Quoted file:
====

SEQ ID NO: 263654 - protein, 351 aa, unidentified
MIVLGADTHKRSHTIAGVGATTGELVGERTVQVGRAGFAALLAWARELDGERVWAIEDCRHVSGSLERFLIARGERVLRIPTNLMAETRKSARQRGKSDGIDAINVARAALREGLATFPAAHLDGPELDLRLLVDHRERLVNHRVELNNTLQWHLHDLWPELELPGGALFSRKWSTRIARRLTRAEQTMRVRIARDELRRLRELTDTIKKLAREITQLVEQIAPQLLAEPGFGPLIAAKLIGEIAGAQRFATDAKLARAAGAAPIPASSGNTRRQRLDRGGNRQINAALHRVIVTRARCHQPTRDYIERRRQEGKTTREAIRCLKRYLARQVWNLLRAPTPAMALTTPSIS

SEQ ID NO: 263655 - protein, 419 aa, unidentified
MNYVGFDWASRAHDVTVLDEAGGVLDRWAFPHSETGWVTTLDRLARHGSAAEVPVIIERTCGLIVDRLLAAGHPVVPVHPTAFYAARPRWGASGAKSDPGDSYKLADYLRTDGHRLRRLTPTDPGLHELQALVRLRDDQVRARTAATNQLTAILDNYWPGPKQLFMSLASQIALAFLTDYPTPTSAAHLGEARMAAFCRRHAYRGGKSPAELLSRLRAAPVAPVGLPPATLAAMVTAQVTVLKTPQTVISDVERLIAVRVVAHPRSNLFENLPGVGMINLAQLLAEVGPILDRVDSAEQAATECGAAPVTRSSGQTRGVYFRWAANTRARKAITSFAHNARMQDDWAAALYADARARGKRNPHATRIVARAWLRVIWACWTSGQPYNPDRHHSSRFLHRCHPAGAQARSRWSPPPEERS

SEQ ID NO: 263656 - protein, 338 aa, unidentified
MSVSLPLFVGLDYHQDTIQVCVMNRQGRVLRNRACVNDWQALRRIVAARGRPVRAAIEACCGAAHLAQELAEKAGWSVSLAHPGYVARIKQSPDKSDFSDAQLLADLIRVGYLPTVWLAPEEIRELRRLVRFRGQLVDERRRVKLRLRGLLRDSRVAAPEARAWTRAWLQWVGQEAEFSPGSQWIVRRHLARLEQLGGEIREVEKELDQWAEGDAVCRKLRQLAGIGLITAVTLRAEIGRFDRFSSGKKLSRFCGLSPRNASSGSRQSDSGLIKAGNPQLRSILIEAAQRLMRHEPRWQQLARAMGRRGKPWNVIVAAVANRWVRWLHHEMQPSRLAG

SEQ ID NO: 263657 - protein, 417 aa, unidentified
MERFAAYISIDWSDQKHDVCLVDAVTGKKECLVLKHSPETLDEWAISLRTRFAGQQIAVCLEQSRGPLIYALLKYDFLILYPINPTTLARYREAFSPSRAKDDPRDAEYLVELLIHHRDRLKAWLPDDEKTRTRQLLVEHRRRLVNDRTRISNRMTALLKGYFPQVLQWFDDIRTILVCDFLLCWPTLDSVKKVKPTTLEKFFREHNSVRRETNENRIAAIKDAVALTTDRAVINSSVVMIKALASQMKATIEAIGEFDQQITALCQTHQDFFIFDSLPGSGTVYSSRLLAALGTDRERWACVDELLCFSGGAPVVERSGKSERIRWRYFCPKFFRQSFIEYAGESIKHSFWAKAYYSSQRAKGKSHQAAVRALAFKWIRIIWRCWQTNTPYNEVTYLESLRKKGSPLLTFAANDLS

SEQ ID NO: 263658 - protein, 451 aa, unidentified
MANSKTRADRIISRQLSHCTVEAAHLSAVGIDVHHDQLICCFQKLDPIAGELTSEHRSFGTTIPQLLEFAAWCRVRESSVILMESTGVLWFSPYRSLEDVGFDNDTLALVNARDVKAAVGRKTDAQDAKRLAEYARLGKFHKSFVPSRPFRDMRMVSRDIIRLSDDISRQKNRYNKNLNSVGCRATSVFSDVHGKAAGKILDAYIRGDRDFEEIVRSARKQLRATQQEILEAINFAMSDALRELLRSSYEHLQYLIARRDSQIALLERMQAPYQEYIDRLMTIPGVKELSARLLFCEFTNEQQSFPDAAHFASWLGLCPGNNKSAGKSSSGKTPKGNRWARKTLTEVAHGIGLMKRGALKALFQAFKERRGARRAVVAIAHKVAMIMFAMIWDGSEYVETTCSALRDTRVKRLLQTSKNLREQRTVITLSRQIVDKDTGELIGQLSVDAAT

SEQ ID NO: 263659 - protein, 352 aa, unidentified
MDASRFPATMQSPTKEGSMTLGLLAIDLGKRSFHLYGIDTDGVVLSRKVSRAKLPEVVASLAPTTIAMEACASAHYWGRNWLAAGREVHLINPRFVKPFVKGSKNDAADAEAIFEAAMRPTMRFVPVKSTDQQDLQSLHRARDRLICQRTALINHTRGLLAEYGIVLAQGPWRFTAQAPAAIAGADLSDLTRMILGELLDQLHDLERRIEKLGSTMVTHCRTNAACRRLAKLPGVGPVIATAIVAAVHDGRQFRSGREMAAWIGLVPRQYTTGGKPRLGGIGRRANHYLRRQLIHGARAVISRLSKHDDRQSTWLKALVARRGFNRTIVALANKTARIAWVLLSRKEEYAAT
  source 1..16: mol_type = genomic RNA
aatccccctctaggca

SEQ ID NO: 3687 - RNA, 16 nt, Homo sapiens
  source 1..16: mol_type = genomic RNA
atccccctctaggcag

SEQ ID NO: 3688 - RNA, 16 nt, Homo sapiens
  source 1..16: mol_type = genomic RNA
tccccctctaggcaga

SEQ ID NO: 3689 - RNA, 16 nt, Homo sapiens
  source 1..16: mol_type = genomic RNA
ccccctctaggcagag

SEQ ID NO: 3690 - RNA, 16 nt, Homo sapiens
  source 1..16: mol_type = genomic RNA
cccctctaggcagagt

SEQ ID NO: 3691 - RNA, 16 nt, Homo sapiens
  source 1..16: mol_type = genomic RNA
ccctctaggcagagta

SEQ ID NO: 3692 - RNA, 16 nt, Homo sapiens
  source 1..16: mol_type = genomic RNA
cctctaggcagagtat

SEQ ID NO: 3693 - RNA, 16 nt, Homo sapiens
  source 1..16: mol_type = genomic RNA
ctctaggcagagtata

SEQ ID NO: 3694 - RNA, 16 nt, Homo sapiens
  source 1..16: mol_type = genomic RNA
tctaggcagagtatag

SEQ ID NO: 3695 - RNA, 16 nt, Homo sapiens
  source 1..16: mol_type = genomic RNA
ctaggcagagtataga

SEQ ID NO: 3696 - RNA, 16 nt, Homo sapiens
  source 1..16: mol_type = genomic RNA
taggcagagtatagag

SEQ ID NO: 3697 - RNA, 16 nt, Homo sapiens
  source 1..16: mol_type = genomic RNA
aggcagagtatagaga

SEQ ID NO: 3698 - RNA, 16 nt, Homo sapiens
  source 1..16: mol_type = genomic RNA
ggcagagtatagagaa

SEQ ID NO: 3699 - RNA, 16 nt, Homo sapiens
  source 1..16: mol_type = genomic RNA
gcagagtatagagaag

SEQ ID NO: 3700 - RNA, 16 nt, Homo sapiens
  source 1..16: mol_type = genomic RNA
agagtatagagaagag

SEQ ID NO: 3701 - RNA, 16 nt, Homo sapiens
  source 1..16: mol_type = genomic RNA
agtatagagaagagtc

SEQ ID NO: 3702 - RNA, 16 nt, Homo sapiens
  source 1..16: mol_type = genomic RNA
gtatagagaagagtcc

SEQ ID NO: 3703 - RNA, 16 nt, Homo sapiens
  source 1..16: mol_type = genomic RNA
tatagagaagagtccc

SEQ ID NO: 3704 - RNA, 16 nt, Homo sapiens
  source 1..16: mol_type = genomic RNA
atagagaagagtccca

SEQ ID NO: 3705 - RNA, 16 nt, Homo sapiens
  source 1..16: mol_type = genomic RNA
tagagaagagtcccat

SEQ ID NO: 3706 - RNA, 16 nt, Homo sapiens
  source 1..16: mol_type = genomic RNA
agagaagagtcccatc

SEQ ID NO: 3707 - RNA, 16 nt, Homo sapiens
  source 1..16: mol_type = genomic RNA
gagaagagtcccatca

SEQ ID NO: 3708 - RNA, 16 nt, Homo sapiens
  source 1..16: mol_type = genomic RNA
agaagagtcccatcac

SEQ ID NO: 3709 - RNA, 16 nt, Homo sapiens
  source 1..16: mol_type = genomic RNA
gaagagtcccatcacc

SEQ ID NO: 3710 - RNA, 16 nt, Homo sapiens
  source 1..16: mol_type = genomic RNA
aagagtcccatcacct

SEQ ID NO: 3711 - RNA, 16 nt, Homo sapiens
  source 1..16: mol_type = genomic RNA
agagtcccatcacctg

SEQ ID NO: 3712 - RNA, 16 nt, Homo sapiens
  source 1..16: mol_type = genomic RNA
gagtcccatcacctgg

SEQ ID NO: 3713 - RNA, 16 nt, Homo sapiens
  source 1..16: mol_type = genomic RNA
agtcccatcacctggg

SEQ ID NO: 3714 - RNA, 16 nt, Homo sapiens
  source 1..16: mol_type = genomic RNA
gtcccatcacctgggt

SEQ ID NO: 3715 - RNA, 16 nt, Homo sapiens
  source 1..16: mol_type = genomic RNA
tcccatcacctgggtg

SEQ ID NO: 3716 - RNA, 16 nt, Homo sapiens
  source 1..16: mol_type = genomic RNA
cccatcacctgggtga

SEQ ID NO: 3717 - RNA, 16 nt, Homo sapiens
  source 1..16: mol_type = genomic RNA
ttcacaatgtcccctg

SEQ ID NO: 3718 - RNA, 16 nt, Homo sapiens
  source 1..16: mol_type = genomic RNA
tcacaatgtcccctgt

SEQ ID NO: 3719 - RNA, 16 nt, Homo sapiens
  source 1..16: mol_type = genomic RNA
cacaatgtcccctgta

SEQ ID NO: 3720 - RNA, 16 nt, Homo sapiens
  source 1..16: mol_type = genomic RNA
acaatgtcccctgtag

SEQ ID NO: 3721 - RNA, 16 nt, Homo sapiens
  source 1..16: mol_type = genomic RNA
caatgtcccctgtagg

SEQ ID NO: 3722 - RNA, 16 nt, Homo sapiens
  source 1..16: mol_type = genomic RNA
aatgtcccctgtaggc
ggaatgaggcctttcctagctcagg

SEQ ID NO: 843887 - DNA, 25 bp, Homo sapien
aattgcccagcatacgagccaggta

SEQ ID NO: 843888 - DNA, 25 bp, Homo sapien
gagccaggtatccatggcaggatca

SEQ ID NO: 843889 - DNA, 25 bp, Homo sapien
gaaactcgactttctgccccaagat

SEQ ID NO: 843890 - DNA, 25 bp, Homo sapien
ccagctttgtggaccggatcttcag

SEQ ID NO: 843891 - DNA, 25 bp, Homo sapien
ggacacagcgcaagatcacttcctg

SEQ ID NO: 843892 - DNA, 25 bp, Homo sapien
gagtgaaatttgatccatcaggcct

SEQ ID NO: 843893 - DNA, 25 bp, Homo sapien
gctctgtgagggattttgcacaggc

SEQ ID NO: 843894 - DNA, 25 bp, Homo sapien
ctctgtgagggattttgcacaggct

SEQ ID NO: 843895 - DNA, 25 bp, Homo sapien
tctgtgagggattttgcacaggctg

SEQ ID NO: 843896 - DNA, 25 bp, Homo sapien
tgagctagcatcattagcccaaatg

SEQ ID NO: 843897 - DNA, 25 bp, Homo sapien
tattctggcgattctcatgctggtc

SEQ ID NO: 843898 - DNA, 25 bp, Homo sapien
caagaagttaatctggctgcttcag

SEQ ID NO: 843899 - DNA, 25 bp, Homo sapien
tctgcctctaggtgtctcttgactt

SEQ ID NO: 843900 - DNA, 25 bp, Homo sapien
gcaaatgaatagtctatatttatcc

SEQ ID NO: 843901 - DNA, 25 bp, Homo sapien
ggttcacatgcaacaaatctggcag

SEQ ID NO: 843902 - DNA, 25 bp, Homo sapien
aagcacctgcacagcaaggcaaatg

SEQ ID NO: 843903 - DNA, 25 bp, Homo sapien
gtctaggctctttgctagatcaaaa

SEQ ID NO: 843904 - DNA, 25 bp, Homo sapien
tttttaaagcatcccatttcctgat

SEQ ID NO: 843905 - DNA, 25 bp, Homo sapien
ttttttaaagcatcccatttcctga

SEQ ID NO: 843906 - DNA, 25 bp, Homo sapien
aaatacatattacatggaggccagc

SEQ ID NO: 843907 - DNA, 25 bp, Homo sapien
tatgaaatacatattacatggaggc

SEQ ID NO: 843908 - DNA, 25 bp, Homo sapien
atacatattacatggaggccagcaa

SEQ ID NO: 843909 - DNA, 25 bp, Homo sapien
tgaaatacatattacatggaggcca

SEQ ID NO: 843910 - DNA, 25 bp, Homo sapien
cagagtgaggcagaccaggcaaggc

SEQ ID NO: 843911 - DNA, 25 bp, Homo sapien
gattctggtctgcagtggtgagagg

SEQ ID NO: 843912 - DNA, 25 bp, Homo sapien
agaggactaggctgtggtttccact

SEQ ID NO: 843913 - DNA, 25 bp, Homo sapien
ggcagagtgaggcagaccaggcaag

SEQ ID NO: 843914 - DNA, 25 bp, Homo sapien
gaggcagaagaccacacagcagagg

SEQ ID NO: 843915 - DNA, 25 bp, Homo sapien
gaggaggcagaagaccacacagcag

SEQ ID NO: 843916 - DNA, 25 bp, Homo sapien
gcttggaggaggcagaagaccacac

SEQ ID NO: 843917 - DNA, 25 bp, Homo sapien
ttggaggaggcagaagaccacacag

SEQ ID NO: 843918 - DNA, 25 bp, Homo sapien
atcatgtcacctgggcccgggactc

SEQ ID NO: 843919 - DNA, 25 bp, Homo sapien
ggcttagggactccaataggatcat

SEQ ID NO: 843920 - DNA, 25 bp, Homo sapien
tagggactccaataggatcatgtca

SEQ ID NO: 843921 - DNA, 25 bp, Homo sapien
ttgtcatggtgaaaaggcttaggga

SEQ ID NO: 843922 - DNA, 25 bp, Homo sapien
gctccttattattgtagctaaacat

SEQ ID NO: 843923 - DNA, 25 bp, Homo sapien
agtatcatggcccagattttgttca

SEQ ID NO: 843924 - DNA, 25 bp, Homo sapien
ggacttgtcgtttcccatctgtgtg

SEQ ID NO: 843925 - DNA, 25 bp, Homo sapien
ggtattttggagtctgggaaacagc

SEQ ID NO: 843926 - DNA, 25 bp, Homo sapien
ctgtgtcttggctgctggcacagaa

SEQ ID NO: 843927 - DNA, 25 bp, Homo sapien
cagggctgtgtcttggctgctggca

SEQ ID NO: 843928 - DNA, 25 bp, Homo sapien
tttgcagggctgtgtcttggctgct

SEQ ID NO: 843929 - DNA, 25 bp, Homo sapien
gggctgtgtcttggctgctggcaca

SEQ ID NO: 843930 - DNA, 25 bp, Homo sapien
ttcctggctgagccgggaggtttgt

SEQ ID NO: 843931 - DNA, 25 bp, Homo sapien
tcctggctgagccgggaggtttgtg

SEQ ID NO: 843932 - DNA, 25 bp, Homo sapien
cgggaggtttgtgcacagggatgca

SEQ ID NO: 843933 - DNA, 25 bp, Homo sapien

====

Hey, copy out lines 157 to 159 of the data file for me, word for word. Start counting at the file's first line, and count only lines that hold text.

gtctaggctctttgctagatcaaaa

SEQ ID NO: 843904 - DNA, 25 bp, Homo sapien
tttttaaagcatcccatttcctgat